Here’s the deal.

You may be great at Photoshop. You may even be an expert at CorelDraw.

But if you don’t have the basics down, you’re going to run into trouble.

I got a call the other day. A very distraught client wanted me to explain how to export her file correctly from Adobe Photoshop so that it’s a print-ready file. “I’m a designer,” she said. “But I don’t understand how to export this in CMYK from Photoshop.”

Have you ever tried to explain how to do something on a computer to someone over the phone? Let me tell you – it’s not easy. In fact, I think the phone call managed to frustrate both of us more than anything. Eventually she managed and she was incredibly happy with her calendars, but the whole ordeal left me thinking.

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We do have the basic tips on how to make your artwork print-ready in our help center – so that you can reference it at any time. It covers Adobe Illustrator, Photoshop, InDesign and even CorelDraw. These are the most used (and recommended) programs to use. 

But I realised that some people may not know which program is best for what. I’ve heard clients ask how to create a logo in Photoshop, and then wonder why it pixelates when it is scaled up on their large format prints.

This is no fault of theirs. These are the basics you learn when you study design. And if you didn’t study it, how else would you know the difference? So I’m here to set the record straight. These programs all have their merits. But just like Microsoft Word is ideal for word documents and Excel is better for spreadsheets, these programs are each meant for something unique.

You wouldn’t use use Excel to write an essay, would you? Exactly. So let’s get down to it.

 

First thing’s first: There is a major difference between vector and raster files.

Vector Images.

Vector images are your friend. They are made from thin lines and curves (also known as paths). These images are rooted in mathematical theory. It typically includes node positions, node locations, line lengths and curves. The amazing thing about vector images is that they can be scaled whichever way, and they will never pixelate. This is because of the formulaic approach to drawing that vector design uses. 

If this sounds a bit technical, let me keep it simple. It’s an easy image to identify. Just look at it’s edges – no matter how much you zoom in, the edges will stay smooth. Text is a good example. No matter how big you make a font in your document, it will never start to look cloudy undefined.

What’s so great about vector?

Besides the awesome advantage of being able to scale it as much as you want, it also happens to be super efficient with file-size. The files are only identified by mathematical descriptions and not individual pixels, so the files  tend to be much smaller in the end than files that contain raster images. This makes these files easy to transfer and store.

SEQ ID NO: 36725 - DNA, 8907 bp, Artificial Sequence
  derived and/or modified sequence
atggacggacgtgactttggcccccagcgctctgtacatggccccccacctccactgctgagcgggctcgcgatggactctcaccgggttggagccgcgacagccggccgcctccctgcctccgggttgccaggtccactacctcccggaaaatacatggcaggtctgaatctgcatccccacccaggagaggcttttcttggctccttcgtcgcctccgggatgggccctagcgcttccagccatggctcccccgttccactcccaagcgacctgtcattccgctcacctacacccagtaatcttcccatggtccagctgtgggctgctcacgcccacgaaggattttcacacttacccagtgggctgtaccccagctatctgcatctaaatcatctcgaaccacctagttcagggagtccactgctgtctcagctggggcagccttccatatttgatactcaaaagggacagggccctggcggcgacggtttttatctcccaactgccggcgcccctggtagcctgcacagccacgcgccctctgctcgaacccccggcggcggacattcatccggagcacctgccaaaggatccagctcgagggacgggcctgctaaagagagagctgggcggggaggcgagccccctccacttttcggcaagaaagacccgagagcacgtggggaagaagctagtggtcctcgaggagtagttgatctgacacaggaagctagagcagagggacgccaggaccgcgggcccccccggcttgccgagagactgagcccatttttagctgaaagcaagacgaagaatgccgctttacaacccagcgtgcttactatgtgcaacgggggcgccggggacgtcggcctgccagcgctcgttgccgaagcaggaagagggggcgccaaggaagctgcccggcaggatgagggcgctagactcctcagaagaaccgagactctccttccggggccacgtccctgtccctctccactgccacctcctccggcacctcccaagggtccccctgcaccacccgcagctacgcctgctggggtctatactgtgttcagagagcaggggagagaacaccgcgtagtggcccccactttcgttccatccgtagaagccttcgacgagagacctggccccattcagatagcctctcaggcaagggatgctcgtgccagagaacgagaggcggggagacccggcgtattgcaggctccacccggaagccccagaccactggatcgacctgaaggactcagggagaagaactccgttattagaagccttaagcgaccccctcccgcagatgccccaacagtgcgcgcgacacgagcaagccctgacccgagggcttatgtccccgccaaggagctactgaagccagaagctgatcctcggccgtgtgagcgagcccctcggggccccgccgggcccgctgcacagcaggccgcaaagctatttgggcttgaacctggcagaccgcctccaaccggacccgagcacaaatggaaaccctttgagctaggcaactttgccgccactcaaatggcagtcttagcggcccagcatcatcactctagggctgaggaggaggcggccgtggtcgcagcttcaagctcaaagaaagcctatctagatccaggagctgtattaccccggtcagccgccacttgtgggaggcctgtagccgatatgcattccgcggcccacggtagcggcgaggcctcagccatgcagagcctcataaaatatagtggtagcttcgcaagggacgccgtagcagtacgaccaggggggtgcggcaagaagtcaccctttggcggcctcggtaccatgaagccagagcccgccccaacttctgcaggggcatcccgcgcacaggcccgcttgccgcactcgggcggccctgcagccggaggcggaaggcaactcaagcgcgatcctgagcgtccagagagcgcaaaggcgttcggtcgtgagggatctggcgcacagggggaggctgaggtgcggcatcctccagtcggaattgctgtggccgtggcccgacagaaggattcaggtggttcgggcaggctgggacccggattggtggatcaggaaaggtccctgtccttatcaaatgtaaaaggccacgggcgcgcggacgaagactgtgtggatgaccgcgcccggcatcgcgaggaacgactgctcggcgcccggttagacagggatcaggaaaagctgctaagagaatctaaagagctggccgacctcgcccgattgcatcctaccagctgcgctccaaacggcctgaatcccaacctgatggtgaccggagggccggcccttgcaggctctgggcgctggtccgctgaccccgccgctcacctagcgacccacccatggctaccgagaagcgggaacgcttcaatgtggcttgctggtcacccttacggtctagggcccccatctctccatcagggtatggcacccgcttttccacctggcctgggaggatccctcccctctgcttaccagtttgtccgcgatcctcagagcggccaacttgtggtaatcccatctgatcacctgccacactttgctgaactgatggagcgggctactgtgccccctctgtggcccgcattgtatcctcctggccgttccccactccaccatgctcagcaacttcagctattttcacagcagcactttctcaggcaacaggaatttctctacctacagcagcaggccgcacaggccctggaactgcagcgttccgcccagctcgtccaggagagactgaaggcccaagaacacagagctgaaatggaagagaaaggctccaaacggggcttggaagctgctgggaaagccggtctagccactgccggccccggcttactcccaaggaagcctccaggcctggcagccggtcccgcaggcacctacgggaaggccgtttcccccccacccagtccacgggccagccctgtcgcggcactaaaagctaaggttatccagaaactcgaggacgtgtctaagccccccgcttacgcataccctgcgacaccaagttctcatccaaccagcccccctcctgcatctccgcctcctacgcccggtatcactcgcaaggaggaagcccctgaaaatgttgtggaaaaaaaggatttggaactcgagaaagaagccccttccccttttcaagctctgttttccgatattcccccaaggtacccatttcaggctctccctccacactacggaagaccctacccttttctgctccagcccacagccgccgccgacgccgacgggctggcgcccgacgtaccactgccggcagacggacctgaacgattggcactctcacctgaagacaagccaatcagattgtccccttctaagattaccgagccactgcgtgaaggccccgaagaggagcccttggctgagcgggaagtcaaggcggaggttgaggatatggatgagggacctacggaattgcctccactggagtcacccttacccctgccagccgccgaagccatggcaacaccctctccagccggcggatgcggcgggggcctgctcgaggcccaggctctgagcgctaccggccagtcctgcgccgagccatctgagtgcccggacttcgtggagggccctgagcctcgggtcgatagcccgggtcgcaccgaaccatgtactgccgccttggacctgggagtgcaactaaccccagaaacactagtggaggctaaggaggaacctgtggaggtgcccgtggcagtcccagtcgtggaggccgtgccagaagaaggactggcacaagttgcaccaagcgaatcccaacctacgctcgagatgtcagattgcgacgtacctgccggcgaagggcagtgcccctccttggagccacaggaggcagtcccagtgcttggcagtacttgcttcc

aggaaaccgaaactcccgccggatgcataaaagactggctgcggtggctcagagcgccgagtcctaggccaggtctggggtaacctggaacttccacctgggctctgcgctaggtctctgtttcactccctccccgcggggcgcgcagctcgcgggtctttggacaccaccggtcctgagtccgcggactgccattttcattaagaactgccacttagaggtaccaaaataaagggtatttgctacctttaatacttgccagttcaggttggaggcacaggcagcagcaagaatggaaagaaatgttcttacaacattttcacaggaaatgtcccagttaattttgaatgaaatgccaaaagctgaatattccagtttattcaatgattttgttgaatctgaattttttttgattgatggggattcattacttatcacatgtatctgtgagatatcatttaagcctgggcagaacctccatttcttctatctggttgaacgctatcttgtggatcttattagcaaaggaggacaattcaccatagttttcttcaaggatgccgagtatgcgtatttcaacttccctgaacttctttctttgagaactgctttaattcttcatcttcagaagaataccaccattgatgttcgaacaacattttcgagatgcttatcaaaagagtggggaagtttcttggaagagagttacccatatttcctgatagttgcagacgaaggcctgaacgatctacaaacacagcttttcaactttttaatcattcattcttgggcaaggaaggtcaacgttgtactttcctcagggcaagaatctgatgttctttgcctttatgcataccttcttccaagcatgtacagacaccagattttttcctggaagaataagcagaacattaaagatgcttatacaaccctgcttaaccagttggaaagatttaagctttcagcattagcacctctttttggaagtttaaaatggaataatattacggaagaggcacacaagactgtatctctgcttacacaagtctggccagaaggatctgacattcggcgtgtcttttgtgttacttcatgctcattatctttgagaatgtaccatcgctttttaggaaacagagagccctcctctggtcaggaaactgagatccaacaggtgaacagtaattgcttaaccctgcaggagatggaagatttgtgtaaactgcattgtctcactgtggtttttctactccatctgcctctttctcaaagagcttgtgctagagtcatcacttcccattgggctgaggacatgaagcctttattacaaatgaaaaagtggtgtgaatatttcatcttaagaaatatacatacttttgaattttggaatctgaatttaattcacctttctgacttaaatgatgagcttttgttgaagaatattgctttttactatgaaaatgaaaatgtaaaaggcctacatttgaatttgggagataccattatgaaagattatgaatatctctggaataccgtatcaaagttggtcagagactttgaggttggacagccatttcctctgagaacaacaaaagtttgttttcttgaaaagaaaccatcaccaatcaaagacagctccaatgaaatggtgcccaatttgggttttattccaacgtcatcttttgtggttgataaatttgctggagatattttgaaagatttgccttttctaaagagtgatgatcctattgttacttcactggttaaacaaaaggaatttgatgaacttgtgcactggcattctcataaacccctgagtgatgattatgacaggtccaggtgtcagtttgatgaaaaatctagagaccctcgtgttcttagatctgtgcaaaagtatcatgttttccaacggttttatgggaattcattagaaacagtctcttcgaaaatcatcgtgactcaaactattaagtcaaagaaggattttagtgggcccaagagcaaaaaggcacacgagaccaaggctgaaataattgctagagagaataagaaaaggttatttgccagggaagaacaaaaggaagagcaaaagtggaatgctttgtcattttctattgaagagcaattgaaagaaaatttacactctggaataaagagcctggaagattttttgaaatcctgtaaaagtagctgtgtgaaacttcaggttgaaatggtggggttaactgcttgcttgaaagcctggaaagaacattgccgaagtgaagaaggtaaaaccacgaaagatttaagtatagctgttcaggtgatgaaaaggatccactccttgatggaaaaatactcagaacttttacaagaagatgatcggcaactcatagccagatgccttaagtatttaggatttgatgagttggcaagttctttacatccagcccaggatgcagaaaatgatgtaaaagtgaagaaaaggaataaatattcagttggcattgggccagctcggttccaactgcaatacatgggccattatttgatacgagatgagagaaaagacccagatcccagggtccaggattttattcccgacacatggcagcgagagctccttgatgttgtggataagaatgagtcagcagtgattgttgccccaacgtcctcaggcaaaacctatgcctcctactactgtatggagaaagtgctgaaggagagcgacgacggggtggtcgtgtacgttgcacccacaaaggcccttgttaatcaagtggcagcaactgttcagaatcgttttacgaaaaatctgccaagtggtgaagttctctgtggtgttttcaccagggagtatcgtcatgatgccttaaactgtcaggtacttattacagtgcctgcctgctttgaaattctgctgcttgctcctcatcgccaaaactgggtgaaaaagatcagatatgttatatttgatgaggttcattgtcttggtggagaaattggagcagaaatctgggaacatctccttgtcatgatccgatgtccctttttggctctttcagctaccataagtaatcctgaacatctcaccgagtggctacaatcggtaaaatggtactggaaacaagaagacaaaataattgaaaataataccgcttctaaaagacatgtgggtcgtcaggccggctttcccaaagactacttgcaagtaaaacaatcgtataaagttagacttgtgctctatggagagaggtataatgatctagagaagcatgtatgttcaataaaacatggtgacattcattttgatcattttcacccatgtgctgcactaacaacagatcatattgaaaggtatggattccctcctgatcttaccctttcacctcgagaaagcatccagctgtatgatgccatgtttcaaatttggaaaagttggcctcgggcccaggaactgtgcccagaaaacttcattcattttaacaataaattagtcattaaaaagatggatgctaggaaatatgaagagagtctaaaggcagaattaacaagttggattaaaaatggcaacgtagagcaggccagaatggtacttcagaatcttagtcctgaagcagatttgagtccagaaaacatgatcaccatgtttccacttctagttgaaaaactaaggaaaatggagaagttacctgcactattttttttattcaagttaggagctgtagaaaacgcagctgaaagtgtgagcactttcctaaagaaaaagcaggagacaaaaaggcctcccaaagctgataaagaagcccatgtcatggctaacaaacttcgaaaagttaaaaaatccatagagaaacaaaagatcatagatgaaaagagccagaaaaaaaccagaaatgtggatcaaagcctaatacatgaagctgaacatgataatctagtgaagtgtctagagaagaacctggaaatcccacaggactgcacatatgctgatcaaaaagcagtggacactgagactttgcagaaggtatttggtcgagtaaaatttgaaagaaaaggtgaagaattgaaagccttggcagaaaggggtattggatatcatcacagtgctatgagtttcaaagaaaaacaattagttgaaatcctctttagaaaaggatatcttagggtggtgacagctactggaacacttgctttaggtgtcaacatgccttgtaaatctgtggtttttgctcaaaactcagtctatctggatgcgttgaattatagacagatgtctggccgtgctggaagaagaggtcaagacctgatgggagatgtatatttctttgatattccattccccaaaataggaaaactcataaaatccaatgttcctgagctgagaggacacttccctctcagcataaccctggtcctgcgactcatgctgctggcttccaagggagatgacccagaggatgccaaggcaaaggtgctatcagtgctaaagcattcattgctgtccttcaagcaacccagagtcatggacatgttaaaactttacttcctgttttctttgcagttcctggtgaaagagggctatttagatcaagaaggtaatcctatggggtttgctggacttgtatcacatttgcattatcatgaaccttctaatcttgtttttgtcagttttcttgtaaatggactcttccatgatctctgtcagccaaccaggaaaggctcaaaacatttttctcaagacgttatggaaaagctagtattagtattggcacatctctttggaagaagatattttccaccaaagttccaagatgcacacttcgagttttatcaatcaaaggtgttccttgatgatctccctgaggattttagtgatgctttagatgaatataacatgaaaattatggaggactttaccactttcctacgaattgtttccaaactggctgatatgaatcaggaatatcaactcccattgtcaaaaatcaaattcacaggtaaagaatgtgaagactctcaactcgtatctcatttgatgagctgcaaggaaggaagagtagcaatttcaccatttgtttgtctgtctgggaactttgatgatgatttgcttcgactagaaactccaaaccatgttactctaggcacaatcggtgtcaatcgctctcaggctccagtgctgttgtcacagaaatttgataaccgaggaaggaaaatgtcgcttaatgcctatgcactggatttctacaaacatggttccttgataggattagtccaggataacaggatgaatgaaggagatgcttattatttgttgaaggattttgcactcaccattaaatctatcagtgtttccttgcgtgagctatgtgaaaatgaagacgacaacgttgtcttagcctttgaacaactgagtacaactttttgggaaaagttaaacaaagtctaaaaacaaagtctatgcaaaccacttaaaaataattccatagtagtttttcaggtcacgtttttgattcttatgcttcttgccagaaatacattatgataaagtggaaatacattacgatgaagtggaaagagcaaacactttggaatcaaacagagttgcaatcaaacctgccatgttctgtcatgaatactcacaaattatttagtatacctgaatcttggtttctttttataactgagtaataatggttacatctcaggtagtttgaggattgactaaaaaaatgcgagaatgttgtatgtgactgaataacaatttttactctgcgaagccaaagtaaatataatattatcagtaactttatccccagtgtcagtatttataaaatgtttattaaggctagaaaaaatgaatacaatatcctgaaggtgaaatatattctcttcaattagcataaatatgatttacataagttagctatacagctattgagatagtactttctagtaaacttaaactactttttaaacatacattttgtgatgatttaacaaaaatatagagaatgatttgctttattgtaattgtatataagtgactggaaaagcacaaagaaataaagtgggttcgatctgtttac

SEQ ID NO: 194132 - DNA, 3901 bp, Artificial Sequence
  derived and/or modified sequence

Vecotr vs raster image

Raster Images.

Raster images (also known as bitmap images) are made from tiny squares called pixels. Test it on your latest profile picture on Facebook – if you zoom in enough, you’ll be able to see them. Raster images are better for non-line art images like photographs and detailed graphics that need subtle chromatic gradations. The file size will typically be larger if you use these, and since you need to export them in high resolution (DPI), this will also contribute. 

 

Adobe Illustrator.

They say a graphic designer should like all of these programs equally. I disagree, and Illustrator is my personal favourite. Someone out there is probably scoffing, but it’s true. I don’t know one designer who doesn’t at least marginally prefer one program over the others – even if it’s just for the interface and the tools it offers. I prefer Illustrator because it’s perfect for creating vector graphics. 

When you want print-ready artwork, vector is where you want to be. Logos, typography, packaging, maps, infographics, user interfaces, and posters will most likely have been designed in Illustrator. 

Screenshot of Adobe Illustrator

Photo Cred: educba.com

Adobe Photoshop.

Remember the clients who use Photoshop to design logos? Yep – this is where they’re going wrong. Photoshop only uses raster images. 

This automatically means that any logo you design in Photoshop will pixelate if it is even slightly enlarged. For this reason, I seriously recommend staying away from Photoshop if you are designing a logo. 

Screenshot of Photoshop

Photo Cred: engadget.com

What is Photoshop ideal for?

It is the perfect program to use for editing images and creating digital paintings. With Photoshop, you can manipulate raster-based (pixel-based) images in hundreds of ways. As manipulated images are arranged in layers within Photoshop, these can then be manipulated independently of each other. It is so well known for a reason, but be sure to familiarize yourself with how to export for different applications.

 

Adobe InDesign.

Adobe InDesign is used by graphic designers to create single or multiple page documents. It is the perfect layouting tool, so this should be your go-to when you’re designing print products like brochures and booklets. InDesign is a vector based program, but be careful to use only high quality images when importing them into your layout.

Indesign screenshot

Photo Cred: comidoc.com

CorelDraw.

CorelDraw is another vector graphics editor that is well-loved. There tends to be a polarising effect between CorelDraw and Adobe Illustrator users because they are so similar. While Adobe Illustrator is the industry standard, though, CorelDraw is definitely not to be forgotten.

Photo Cred: pcmag.com

Further Reading:

  1. Vector VS Raster: What Do I Use?
  2. Adobe Creative Suite
  3. Your Guide To Choosing The Right Adobe Product

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